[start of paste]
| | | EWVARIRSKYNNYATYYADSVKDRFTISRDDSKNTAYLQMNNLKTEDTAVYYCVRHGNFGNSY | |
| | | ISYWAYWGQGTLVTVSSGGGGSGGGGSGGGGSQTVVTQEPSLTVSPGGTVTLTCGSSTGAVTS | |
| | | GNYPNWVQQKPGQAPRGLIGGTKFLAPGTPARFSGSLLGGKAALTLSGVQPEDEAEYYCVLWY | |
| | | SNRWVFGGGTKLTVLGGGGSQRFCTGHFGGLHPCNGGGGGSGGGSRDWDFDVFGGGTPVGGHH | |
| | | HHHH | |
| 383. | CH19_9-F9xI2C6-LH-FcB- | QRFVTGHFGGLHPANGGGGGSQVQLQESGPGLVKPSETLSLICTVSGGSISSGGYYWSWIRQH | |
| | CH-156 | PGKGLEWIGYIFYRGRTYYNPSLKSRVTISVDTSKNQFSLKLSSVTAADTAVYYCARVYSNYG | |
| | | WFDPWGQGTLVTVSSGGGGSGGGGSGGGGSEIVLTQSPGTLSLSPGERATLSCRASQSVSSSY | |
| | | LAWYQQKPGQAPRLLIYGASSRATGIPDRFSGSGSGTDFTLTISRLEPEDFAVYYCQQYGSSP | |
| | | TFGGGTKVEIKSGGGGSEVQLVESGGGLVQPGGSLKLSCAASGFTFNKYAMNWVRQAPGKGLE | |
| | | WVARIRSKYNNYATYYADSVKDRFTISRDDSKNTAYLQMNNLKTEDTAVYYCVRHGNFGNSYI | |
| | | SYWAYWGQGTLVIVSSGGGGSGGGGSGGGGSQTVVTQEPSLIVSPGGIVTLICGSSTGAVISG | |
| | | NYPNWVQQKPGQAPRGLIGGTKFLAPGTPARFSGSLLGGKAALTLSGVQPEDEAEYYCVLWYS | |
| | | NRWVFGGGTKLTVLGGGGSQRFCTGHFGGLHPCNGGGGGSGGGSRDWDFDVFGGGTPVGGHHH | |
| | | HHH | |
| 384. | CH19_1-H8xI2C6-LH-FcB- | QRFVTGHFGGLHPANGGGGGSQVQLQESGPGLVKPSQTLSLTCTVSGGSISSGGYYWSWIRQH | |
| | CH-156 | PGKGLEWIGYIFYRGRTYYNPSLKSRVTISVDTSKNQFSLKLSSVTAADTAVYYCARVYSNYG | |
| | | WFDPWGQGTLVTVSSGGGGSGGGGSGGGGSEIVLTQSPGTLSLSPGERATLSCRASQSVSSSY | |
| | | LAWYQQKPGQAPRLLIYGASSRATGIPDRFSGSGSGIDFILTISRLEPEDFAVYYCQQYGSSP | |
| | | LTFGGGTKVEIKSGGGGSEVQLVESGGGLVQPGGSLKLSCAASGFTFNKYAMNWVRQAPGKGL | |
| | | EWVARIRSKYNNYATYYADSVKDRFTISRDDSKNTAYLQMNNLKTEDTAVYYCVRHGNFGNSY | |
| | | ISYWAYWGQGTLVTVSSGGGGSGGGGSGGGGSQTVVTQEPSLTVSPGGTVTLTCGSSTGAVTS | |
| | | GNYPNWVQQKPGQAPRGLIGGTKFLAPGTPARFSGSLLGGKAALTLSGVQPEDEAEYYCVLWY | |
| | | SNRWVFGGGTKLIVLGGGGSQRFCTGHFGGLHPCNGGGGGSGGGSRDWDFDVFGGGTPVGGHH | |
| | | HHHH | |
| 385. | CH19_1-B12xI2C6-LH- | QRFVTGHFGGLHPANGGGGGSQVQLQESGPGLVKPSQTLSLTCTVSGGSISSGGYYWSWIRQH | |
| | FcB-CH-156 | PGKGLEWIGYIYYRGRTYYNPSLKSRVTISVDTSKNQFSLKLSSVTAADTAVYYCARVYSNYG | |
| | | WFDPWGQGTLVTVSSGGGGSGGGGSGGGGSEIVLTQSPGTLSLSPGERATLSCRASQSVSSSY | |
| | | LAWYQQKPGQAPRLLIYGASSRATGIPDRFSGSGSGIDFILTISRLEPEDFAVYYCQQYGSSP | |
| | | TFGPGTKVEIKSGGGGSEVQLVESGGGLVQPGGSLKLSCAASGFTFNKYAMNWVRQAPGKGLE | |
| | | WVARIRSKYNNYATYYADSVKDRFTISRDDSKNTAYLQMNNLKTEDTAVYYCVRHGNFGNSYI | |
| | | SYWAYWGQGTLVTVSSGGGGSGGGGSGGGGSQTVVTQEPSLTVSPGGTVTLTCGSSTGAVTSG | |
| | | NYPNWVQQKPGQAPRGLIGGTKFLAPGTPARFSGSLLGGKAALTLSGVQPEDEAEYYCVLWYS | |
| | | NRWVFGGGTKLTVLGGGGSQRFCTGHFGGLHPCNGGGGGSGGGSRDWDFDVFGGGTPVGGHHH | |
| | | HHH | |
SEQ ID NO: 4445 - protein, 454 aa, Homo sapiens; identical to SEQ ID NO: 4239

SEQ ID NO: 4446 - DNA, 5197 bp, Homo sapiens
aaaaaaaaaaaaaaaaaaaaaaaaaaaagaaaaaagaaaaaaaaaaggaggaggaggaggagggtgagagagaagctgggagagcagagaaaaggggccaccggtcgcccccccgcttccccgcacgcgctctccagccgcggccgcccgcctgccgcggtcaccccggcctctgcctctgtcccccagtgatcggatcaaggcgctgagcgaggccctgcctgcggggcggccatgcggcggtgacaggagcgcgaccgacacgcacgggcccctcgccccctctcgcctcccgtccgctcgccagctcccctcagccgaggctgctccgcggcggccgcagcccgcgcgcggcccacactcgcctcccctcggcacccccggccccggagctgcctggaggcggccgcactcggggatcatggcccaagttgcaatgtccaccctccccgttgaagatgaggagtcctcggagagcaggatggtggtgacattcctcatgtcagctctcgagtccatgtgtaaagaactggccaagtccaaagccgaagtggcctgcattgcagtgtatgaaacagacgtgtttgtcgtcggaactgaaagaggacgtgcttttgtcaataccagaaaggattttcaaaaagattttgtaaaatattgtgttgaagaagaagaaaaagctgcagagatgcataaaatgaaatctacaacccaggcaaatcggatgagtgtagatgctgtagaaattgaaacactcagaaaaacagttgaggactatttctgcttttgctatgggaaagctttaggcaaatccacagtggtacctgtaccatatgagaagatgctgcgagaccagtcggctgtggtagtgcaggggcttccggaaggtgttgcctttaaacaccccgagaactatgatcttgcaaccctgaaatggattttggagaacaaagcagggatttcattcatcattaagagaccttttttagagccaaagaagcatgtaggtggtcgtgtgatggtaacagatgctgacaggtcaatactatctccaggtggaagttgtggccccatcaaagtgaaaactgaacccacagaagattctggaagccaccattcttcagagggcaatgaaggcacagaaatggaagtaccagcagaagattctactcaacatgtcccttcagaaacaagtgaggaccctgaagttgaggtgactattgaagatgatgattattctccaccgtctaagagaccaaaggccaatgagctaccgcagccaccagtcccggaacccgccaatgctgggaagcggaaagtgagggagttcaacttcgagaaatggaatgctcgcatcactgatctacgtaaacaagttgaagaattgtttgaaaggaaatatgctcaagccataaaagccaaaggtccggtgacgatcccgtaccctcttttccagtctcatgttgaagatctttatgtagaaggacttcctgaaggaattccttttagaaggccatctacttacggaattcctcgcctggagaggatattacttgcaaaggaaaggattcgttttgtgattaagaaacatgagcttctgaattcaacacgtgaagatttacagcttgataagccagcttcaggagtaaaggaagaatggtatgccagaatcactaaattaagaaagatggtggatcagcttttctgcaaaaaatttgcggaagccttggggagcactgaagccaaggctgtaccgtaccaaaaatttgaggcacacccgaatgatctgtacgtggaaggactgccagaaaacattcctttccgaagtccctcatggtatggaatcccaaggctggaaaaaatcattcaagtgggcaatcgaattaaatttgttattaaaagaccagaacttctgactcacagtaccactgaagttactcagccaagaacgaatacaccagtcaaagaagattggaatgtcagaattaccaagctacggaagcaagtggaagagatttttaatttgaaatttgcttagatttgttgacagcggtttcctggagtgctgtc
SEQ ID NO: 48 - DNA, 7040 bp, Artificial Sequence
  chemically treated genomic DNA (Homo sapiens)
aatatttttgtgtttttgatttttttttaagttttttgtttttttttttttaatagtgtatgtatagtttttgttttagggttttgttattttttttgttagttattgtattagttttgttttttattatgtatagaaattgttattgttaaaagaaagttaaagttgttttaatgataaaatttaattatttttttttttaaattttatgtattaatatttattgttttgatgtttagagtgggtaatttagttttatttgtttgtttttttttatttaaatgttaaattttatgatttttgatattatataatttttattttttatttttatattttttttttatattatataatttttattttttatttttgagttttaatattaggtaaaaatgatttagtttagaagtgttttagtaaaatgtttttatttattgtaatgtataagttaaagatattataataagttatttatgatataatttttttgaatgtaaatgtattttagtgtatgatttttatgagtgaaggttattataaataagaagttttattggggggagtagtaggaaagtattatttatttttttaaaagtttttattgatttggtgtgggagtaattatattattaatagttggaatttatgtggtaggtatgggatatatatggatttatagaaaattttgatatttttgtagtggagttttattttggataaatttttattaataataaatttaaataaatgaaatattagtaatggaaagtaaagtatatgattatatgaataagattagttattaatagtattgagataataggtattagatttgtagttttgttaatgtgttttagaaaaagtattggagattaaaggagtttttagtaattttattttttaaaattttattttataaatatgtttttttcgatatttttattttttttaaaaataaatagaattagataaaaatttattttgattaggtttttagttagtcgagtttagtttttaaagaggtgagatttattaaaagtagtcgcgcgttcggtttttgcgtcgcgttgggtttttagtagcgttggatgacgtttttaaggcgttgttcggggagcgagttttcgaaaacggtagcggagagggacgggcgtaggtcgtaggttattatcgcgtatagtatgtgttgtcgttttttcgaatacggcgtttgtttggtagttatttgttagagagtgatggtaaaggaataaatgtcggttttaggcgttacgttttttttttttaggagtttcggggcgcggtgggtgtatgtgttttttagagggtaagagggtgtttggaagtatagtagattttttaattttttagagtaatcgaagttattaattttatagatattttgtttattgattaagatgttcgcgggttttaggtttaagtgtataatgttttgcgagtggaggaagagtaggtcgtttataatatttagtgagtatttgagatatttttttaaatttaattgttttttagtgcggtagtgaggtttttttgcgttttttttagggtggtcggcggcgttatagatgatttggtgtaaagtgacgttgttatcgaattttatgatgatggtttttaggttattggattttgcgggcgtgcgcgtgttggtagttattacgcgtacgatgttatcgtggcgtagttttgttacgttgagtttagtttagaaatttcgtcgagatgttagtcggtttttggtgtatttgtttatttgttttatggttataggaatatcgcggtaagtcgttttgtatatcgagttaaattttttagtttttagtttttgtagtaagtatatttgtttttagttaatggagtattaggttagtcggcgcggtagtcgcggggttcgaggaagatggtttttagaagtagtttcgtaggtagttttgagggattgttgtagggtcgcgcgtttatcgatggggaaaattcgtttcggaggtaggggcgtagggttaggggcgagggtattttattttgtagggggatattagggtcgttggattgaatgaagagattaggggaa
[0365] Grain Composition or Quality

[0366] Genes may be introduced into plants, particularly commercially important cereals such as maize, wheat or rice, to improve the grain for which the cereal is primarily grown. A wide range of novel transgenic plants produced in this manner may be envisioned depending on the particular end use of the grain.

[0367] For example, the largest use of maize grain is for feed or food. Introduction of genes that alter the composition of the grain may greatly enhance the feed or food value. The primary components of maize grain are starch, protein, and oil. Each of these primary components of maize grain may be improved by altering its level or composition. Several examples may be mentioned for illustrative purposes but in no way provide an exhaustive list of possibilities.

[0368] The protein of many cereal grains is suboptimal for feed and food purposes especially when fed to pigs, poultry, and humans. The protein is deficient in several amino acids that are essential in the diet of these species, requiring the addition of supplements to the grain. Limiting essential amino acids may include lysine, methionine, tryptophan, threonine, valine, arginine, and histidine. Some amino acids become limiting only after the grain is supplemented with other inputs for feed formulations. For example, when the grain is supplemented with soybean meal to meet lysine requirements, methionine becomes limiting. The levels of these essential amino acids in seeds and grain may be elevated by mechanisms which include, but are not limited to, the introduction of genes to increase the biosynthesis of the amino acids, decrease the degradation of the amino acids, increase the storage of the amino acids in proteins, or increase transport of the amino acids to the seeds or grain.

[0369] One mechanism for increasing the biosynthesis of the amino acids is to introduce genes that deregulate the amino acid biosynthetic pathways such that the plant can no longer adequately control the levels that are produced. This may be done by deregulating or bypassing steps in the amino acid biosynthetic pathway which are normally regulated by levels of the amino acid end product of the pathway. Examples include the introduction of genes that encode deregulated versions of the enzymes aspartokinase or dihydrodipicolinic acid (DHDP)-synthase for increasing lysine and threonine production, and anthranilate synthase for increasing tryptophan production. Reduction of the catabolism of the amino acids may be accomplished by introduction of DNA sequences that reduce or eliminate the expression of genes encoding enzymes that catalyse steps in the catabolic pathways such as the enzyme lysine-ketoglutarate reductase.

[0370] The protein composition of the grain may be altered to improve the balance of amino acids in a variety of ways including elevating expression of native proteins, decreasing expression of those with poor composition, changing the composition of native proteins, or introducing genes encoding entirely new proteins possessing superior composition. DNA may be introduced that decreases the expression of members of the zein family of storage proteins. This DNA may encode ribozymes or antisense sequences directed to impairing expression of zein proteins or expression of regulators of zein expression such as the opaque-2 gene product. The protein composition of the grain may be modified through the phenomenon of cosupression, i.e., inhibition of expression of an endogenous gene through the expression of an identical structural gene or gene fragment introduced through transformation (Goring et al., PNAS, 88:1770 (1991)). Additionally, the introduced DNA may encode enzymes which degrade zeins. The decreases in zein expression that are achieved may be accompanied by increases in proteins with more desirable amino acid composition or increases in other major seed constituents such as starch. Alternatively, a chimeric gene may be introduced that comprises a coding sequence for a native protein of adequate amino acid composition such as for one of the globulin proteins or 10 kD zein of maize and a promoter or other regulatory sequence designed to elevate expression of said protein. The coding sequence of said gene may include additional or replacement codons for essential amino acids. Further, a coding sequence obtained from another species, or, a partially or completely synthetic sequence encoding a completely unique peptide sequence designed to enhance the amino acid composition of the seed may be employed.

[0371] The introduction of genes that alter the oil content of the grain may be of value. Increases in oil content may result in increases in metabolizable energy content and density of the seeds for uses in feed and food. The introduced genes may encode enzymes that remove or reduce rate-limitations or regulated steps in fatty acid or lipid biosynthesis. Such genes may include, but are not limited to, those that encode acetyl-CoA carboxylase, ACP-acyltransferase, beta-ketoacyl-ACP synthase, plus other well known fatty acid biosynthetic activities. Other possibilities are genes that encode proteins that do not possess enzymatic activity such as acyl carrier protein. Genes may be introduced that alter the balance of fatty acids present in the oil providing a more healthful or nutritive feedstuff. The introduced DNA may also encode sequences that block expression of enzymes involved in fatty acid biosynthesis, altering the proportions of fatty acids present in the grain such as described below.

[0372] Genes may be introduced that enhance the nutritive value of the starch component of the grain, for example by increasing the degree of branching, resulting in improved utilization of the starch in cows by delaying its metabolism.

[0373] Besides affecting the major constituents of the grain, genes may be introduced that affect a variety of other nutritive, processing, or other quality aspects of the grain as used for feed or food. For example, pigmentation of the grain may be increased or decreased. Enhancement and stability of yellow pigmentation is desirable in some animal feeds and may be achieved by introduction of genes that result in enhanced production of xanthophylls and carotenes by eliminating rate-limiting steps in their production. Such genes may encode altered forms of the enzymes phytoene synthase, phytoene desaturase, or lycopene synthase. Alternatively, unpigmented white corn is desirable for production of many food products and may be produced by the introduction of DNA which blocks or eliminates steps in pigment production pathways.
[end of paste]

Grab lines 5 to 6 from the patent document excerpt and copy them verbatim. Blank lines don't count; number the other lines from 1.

| | | HHHH | |
| 383. | CH19_9-F9xI2C6-LH-FcB- | QRFVTGHFGGLHPANGGGGGSQVQLQESGPGLVKPSETLSLICTVSGGSISSGGYYWSWIRQH | |